This week’s #SproutChat focused on The State of Social Customer Care. As highlighted in our recently released 2015 Sprout Social Index, social customer care is becoming more critical than ever. In fact, 7 out of 8 messages sent to brands are not responded to within 72 hours, if at all.
These messages represent opportunities for companies to correct poor customer service experiences or foster loyal customers into vocal advocates—and, in doing so, gain a competitive advantage. As Zendesk reports, 40% of customers switch loyalty because a competitor offers better customer service.
Of course, our #SproutChat community recognizes what great social customer care looks like and how brands can set the standard internally to achieve this. Here are three key takeaways our community of experts shared during this week’s chat:
1. Consider Context to Prioritize Your Response Efforts
Accurate, timely responses are always important, but how you prioritize your efforts depends largely on the nature of the message. Customer service issues and troubleshooting should be addressed immediately, whereas a fan who just shared your blog post can wait. Set a strategy to efficiently and effectively respond to all of your community’s feedback in the right order.
A2: it depends on the comment/complaint but less than an hour on weekdays and less than a couple hours on weekends #sproutchat
— Alma de Leon (@alma_deee) August 5, 2015
A2: I always expect within an hour, but I’m “surprised and delighted” when it’s much quicker. #sproutchat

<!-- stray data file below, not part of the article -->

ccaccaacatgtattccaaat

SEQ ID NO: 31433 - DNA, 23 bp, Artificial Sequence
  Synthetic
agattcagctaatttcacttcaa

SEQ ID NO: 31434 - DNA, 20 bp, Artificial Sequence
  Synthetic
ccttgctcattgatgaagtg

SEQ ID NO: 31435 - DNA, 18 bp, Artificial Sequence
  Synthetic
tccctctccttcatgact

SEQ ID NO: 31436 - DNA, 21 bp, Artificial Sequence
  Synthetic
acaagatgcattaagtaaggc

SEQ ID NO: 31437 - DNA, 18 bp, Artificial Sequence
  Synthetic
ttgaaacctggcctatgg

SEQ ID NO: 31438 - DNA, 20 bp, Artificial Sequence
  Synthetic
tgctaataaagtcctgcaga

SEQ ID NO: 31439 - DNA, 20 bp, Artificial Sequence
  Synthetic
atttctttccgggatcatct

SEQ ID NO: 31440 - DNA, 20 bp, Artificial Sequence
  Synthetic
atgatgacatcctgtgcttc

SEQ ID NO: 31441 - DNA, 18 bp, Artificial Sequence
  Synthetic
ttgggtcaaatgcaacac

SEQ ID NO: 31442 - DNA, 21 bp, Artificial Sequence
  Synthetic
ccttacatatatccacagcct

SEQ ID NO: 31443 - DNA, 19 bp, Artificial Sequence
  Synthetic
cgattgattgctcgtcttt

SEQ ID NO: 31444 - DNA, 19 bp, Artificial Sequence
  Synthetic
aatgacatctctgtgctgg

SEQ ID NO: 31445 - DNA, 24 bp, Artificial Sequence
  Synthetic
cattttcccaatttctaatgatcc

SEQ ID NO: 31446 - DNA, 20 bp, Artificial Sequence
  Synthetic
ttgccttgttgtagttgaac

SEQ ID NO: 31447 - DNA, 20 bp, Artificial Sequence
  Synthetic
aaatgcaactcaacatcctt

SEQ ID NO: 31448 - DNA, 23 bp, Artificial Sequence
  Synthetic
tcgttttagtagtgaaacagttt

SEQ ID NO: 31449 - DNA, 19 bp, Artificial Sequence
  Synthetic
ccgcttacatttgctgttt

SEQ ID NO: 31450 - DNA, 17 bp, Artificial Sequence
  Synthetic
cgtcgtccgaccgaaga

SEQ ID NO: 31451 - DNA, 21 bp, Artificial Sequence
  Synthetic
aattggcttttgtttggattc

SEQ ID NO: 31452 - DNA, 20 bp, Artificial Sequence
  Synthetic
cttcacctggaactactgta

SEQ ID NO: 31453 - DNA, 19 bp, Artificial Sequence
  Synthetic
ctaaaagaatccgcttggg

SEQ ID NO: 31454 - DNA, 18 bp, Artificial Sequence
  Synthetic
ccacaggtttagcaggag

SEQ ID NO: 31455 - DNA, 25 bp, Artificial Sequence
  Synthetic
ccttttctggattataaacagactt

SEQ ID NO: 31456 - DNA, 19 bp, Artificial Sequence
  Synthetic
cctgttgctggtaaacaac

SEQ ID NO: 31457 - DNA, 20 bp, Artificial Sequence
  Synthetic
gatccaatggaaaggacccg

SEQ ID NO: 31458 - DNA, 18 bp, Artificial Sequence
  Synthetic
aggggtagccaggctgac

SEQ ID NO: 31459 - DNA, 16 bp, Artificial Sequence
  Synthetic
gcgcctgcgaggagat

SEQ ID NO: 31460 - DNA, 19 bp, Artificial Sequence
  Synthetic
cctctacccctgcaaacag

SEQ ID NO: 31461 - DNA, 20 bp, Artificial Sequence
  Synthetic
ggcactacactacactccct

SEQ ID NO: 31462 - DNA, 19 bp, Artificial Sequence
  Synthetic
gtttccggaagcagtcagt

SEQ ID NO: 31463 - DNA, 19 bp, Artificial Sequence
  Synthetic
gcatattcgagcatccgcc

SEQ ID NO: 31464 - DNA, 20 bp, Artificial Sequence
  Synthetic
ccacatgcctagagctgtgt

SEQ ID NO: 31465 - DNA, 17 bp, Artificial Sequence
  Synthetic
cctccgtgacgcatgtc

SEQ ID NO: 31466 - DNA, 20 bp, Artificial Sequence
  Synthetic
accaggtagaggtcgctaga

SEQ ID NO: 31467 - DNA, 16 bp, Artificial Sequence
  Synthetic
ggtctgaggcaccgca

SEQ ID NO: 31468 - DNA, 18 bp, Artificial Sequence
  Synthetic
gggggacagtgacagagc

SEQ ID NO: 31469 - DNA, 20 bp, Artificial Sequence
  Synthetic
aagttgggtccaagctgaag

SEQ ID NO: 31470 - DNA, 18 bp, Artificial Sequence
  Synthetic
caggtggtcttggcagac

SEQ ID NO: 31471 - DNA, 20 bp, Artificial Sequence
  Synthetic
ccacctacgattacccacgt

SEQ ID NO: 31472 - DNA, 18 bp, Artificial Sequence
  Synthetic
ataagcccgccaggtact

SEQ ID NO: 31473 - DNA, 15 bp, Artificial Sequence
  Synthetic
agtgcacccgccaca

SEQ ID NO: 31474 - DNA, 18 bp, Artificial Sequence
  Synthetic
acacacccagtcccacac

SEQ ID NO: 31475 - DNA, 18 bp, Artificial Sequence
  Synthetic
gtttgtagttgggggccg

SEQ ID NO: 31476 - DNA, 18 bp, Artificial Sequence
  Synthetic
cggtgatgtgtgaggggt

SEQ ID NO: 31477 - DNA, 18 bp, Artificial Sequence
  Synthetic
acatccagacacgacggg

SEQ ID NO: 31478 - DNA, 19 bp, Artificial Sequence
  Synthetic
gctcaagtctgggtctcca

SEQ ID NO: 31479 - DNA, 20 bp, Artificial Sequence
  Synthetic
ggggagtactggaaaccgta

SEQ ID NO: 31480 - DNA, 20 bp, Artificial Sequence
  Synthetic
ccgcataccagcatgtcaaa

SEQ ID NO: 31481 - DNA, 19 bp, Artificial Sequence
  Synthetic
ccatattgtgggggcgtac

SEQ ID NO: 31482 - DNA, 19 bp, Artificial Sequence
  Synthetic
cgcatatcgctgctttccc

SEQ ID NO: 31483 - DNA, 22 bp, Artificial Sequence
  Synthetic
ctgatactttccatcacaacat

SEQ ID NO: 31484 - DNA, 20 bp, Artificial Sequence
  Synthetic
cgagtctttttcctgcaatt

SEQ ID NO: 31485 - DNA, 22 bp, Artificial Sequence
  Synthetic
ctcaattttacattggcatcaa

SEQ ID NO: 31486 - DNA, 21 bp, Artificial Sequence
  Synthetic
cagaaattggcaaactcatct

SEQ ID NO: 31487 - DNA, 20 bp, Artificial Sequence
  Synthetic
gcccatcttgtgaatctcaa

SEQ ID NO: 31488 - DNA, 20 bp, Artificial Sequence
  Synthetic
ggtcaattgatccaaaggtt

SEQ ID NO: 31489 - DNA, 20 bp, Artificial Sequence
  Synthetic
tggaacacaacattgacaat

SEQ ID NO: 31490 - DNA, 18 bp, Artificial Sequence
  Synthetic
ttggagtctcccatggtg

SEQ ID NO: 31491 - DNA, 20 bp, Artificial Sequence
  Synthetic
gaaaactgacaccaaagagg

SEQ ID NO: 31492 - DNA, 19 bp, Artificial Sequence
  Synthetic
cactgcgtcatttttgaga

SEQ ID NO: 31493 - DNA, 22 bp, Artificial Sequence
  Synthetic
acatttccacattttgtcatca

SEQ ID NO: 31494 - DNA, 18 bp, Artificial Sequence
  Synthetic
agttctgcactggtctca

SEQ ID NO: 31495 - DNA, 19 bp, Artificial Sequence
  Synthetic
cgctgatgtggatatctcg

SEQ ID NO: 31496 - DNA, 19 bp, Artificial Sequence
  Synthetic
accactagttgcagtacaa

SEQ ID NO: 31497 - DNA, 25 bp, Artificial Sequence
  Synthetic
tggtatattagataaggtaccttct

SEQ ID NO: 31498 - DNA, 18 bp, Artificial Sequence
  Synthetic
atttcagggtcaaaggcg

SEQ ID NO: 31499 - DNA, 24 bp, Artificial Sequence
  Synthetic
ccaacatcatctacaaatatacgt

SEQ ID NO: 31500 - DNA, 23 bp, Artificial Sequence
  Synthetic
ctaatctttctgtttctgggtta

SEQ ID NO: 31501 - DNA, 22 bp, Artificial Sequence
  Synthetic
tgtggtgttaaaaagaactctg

— SocialK Comm. (@admom1) August 5, 2015
2. Leverage Your Resources to Set a Consistent Customer Support Workflow
Smaller organizations and startups might not have the bandwidth to manage the amount of incoming messages they receive. While hiring more people might be an ideal fix, costs could be prohibitive. Instead, figure out if the number of active social channels is appropriate for the size and scope of your team.
A4 Rethink the amount of inroads you provide and how many can you manage? #sproutchat
— Toby Metcalf (@Toby_Metcalf) August 5, 2015
A4. What’s worse, paying someone to help your customers, or losing customers bc they can’t get help? #sproutchat
— Josh St. Aubin (@JoshStAubin) August 5, 2015
3. Remember, Social Customer Care Is Here to Stay
Don’t hesitate to set or refine your customer service strategy. Start today. Online interactions are just as important as in-person experiences and should be considered as such—otherwise, you will be left behind.
— Stephanie Nairn (@stephnairn) August 5, 2015
— Mike Bambrick (@mrbambrick) August 5, 2015
Have more thoughts about social media customer care? Share them in the comments below. And see you Wednesday at 2 p.m. CST for the next #SproutChat. We’ll discuss Facebook’s new features: livestreaming (available to celebrities initially) and the option to privately respond to public Page comments.
Sarah Nagel: Sarah is the Community Outreach Manager at Sprout Social and a Twitter queen. She runs the weekly #SproutChat and is a champion for our incredible community. Outside of work, she spends her time taking on DIY projects and petting her two rescue pups.